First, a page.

Global Magnitsky Sanctions: Powerful Anti-Corruption Tools in Africa and Worldwide

In addition to the FCPA and U.S. anti-money laundering laws, the United States has a fairly new and powerful anti-corruption sanctions program– the Global Magnitsky Sanctions— which was promulgated in December 2017, targets corrupt acts and human rights abuses worldwide and imposes financial and immigration sanctions.  The Global Magnitsky Sanctions define  corruption broadly (more broadly than the FCPA and prevailing anti-corruption laws and standards) and directly target current and former government officials for corrupt acts and human rights abuses.

To date, African officials and private parties/entities based in or involved with Africa have been sanctioned for corruption and human rights abuses under the Global Magnitsky Sanctions. Notable among them here is Dan Gertler, the Israeli businessman with extensive DRC mining interests and a widely-known close relationship with the President of the DRC, Joseph Kabila.

(For more information about the scope, mechanics and potential impact of the Global Magnitsky Sanctions, see MassPoint’s Global Magnitsky Sanctions publications and dedicated Global Magnitsky Sanctions site.)

Now is the Time to Reassess Corruption and Money Laundering Risk and Improve Compliance; Potential Impact on Cobalt, Other Elements Supply Chains

While it is always a good time for U.S. and foreign businesses and others with cross-border relationships and activities to assess corruption, anti-money laundering and related risk, current U.S. policy and high-level views of legal enforcement and recent enforcement actions merit a reassessment of risk and compliance.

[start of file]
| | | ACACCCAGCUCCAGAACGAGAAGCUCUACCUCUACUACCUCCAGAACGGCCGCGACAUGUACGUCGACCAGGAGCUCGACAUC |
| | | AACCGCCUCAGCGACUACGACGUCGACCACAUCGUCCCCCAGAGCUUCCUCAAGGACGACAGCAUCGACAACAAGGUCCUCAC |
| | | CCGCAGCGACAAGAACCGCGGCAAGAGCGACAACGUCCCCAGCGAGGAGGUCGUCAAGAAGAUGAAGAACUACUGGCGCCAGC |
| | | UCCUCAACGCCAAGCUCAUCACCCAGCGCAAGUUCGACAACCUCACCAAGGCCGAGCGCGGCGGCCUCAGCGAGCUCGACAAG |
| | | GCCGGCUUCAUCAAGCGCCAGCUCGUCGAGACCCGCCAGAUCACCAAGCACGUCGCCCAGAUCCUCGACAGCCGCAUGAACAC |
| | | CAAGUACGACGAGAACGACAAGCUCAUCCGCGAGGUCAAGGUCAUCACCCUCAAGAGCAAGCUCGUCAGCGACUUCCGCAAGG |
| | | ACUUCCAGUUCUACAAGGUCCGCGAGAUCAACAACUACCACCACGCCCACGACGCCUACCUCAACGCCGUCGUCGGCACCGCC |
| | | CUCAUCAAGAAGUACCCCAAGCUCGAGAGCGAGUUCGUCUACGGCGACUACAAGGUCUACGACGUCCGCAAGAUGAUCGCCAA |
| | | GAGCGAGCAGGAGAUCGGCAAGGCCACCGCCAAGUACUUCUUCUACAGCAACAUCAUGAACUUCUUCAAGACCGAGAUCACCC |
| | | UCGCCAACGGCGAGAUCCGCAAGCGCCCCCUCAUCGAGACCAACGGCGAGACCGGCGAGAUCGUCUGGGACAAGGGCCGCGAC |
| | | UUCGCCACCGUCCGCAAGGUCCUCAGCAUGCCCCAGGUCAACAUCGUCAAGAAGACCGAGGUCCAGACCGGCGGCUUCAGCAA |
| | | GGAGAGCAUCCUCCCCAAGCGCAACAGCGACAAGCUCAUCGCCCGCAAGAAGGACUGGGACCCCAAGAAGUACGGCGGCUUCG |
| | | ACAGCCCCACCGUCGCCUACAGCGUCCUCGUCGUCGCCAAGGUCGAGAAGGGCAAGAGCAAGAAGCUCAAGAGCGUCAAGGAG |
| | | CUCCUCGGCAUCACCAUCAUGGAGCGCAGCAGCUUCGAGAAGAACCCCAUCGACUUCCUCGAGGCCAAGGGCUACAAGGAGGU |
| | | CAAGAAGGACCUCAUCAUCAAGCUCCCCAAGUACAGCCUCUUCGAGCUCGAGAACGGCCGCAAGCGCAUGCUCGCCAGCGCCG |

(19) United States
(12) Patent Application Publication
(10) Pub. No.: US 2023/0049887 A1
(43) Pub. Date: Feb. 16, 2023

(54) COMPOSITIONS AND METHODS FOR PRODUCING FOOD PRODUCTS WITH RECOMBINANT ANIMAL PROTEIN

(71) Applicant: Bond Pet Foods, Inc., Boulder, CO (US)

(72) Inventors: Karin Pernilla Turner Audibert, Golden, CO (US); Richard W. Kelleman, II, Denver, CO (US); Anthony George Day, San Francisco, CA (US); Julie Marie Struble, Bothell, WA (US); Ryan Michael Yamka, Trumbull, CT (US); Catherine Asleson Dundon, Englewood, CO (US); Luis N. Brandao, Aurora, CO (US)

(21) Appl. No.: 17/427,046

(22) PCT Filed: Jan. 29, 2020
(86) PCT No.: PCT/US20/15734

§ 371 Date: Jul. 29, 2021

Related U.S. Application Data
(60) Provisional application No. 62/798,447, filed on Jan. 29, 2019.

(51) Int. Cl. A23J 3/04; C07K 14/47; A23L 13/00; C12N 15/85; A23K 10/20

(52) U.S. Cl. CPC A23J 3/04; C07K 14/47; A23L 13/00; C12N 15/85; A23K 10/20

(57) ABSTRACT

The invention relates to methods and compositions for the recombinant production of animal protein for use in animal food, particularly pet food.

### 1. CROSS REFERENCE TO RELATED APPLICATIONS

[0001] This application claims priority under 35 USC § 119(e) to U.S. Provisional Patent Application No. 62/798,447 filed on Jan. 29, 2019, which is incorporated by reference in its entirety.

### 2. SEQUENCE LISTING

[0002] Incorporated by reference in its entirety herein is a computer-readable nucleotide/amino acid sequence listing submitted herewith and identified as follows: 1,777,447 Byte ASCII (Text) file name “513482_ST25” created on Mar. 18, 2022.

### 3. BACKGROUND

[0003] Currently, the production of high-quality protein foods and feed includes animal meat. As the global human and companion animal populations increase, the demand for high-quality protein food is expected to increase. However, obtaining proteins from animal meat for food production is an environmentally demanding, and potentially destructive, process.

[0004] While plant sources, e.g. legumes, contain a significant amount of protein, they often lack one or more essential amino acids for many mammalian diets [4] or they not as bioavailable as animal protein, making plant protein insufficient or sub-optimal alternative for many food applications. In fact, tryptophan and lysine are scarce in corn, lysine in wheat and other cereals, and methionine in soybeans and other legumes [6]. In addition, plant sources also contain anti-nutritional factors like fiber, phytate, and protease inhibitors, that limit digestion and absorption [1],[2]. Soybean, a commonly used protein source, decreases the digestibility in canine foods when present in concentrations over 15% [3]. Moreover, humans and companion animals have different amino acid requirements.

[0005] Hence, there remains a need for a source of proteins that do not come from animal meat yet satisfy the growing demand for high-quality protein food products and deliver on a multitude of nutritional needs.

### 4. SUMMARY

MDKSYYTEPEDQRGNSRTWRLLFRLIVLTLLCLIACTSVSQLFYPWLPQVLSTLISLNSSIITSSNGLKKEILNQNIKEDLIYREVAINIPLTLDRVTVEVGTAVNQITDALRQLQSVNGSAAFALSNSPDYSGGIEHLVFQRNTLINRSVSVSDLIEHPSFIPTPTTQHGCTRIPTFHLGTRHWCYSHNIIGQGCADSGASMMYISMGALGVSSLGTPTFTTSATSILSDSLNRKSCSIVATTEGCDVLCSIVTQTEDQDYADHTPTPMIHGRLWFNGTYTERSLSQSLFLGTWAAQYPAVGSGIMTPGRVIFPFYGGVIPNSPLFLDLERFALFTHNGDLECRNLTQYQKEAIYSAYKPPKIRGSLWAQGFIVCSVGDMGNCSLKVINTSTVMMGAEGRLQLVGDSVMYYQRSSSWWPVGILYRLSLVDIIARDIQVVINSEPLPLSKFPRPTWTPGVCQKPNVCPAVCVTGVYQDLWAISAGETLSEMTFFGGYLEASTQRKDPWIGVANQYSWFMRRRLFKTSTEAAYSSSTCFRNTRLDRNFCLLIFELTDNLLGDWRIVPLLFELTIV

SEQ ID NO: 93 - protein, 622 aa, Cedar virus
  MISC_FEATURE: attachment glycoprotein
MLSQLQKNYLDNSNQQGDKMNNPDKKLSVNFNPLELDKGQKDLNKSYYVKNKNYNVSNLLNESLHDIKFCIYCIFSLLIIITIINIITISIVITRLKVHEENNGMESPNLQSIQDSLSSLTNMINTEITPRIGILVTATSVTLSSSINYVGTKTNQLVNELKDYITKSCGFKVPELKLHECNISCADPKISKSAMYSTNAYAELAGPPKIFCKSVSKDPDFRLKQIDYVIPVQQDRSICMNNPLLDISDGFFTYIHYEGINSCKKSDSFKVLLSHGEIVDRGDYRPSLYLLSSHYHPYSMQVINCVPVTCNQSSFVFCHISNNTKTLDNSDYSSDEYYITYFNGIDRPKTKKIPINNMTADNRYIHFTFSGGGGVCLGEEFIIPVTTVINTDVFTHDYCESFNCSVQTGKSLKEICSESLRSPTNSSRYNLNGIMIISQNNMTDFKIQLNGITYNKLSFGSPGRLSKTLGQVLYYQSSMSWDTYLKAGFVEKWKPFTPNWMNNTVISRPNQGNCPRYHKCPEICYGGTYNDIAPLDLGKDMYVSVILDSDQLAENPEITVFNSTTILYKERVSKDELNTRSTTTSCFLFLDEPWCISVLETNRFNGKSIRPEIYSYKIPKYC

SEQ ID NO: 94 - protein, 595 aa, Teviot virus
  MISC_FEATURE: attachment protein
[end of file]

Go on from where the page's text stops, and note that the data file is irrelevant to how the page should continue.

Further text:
Such reassessments should be high priorities for parties with business in or involving Africa, and particularly the extractives industry and/or China-based or affiliated firms. Businesses, such as technology companies and automakers that rely on cobalt, other elements and minerals should also take note of developments and how they might adversely or otherwise affect their supply chains. Assessments should, of course, take into account jurisdiction and industry risk, as well as the potential risks posed by business partners, vendors and other counter-parties or third parties.

For enhanced precision and effectiveness, reliable, locally sourced information (from trusted sources) should be used where available, to complement international data (such as corruption indexes and rankings). Internally, the right persons and departments (such as business managers, sales/contract or concession managers and other on-the-ground personnel, and legal and compliance) should be involved in re-assessing risk and compliance effectiveness, with the benefit of accurate and current information about local developments, as well as information concerning U.S. policy and enforcement objectives and actions.

Finally, and perhaps most importantly, companies with international business, particularly in Africa, must ensure that their compliance messaging is adequately communicated (i.e., heard and understood) by all relevant personnel, counter-parties and third party vendors/others, including through clear and digestible compliance policies (and updates) transmitted through formats most effective in particular contexts (e.g., in compliance documents, emails, text messages, and/or videos, etc.). These messages should be enforced by education, training and other methods that are tailored for audience, rather than standardized offerings that simply provide information as to applicable or potentially applicable rules.

At minimum, U.S. and foreign companies with international business and interests, particularly in Africa and more so in its extractives industries, should take concerted steps to understand the current U.S. anti-corruption and anti-money laundering policy and enforcement posture, as articulated by the Trump Administration and evidenced by recent actions.

More Information, MassPoint’s Services

For more information or to discuss MassPoint PLLC’s advisory and compliance services (including compliance policy drafting and training), contact Hdeel Abdelhady at

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Global Magnitsky Sanctions

International Trade and Sanctions/Export Controls/Anti-Corruption/Anti-Money Laundering/Business Conduct